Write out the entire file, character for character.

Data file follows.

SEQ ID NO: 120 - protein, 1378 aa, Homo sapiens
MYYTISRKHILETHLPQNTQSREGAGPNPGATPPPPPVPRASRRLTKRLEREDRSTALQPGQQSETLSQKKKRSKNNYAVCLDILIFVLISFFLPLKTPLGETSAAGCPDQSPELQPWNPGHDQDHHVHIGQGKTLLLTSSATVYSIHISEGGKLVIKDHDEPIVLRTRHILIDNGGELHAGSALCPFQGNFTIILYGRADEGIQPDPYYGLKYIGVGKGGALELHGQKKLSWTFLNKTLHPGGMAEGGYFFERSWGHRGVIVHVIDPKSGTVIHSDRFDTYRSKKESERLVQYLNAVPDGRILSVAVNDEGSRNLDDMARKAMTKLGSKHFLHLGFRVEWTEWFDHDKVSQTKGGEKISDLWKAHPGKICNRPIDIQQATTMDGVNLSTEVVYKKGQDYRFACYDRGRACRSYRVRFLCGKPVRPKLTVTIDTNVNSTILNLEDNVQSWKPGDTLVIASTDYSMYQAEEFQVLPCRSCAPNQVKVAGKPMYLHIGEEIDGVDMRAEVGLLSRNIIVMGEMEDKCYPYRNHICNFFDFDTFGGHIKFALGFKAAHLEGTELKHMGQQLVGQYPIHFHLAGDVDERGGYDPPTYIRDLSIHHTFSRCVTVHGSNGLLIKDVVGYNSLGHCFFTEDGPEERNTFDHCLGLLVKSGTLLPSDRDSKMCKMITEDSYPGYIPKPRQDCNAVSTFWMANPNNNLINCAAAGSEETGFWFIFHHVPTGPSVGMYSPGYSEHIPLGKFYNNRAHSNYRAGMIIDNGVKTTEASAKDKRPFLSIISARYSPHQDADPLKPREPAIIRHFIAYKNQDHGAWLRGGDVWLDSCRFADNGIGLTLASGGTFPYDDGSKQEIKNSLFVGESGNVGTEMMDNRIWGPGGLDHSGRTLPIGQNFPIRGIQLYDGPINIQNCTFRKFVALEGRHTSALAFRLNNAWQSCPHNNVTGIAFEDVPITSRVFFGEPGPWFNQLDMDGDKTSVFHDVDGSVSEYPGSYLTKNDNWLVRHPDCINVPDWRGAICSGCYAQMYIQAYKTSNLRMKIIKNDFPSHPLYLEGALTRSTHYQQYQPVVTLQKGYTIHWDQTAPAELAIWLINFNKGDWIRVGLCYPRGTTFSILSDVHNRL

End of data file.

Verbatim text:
SEQ ID NO: 120 - protein, 1378 aa, Homo sapiens
MYYTISRKHILETHLPQNTQSREGAGPNPGATPPPPPVPRASRRLTKRLEREDRSTALQPGQQSETLSQKKKRSKNNYAVCLDILIFVLISFFLPLKTPLGETSAAGCPDQSPELQPWNPGHDQDHHVHIGQGKTLLLTSSATVYSIHISEGGKLVIKDHDEPIVLRTRHILIDNGGELHAGSALCPFQGNFTIILYGRADEGIQPDPYYGLKYIGVGKGGALELHGQKKLSWTFLNKTLHPGGMAEGGYFFERSWGHRGVIVHVIDPKSGTVIHSDRFDTYRSKKESERLVQYLNAVPDGRILSVAVNDEGSRNLDDMARKAMTKLGSKHFLHLGFRVEWTEWFDHDKVSQTKGGEKISDLWKAHPGKICNRPIDIQQATTMDGVNLSTEVVYKKGQDYRFACYDRGRACRSYRVRFLCGKPVRPKLTVTIDTNVNSTILNLEDNVQSWKPGDTLVIASTDYSMYQAEEFQVLPCRSCAPNQVKVAGKPMYLHIGEEIDGVDMRAEVGLLSRNIIVMGEMEDKCYPYRNHICNFFDFDTFGGHIKFALGFKAAHLEGTELKHMGQQLVGQYPIHFHLAGDVDERGGYDPPTYIRDLSIHHTFSRCVTVHGSNGLLIKDVVGYNSLGHCFFTEDGPEERNTFDHCLGLLVKSGTLLPSDRDSKMCKMITEDSYPGYIPKPRQDCNAVSTFWMANPNNNLINCAAAGSEETGFWFIFHHVPTGPSVGMYSPGYSEHIPLGKFYNNRAHSNYRAGMIIDNGVKTTEASAKDKRPFLSIISARYSPHQDADPLKPREPAIIRHFIAYKNQDHGAWLRGGDVWLDSCRFADNGIGLTLASGGTFPYDDGSKQEIKNSLFVGESGNVGTEMMDNRIWGPGGLDHSGRTLPIGQNFPIRGIQLYDGPINIQNCTFRKFVALEGRHTSALAFRLNNAWQSCPHNNVTGIAFEDVPITSRVFFGEPGPWFNQLDMDGDKTSVFHDVDGSVSEYPGSYLTKNDNWLVRHPDCINVPDWRGAICSGCYAQMYIQAYKTSNLRMKIIKNDFPSHPLYLEGALTRSTHYQQYQPVVTLQKGYTIHWDQTAPAELAIWLINFNKGDWIRVGLCYPRGTTFSILSDVHNRL